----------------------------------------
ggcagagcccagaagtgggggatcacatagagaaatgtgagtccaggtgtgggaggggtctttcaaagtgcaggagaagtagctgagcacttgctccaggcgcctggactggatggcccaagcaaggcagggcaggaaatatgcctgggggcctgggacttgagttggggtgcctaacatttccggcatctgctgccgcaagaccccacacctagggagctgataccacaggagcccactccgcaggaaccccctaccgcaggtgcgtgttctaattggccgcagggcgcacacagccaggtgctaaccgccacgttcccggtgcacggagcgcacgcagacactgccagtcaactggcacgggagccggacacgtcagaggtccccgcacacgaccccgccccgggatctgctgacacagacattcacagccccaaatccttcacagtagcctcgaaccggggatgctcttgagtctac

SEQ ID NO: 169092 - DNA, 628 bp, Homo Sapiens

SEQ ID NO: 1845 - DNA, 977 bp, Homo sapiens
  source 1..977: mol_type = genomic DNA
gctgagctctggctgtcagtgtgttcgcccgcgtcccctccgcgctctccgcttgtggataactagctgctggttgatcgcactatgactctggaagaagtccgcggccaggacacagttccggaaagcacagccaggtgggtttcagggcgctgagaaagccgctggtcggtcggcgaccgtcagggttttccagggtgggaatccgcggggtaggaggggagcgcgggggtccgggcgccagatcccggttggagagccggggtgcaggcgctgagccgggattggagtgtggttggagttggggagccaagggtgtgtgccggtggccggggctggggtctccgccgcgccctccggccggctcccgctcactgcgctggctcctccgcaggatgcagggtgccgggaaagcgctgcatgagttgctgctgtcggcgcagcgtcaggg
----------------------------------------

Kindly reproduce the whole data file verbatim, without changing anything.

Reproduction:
ggcagagcccagaagtgggggatcacatagagaaatgtgagtccaggtgtgggaggggtctttcaaagtgcaggagaagtagctgagcacttgctccaggcgcctggactggatggcccaagcaaggcagggcaggaaatatgcctgggggcctgggacttgagttggggtgcctaacatttccggcatctgctgccgcaagaccccacacctagggagctgataccacaggagcccactccgcaggaaccccctaccgcaggtgcgtgttctaattggccgcagggcgcacacagccaggtgctaaccgccacgttcccggtgcacggagcgcacgcagacactgccagtcaactggcacgggagccggacacgtcagaggtccccgcacacgaccccgccccgggatctgctgacacagacattcacagccccaaatccttcacagtagcctcgaaccggggatgctcttgagtctac

SEQ ID NO: 169092 - DNA, 628 bp, Homo Sapiens

SEQ ID NO: 1845 - DNA, 977 bp, Homo sapiens
  source 1..977: mol_type = genomic DNA
gctgagctctggctgtcagtgtgttcgcccgcgtcccctccgcgctctccgcttgtggataactagctgctggttgatcgcactatgactctggaagaagtccgcggccaggacacagttccggaaagcacagccaggtgggtttcagggcgctgagaaagccgctggtcggtcggcgaccgtcagggttttccagggtgggaatccgcggggtaggaggggagcgcgggggtccgggcgccagatcccggttggagagccggggtgcaggcgctgagccgggattggagtgtggttggagttggggagccaagggtgtgtgccggtggccggggctggggtctccgccgcgccctccggccggctcccgctcactgcgctggctcctccgcaggatgcagggtgccgggaaagcgctgcatgagttgctgctgtcggcgcagcgtcaggg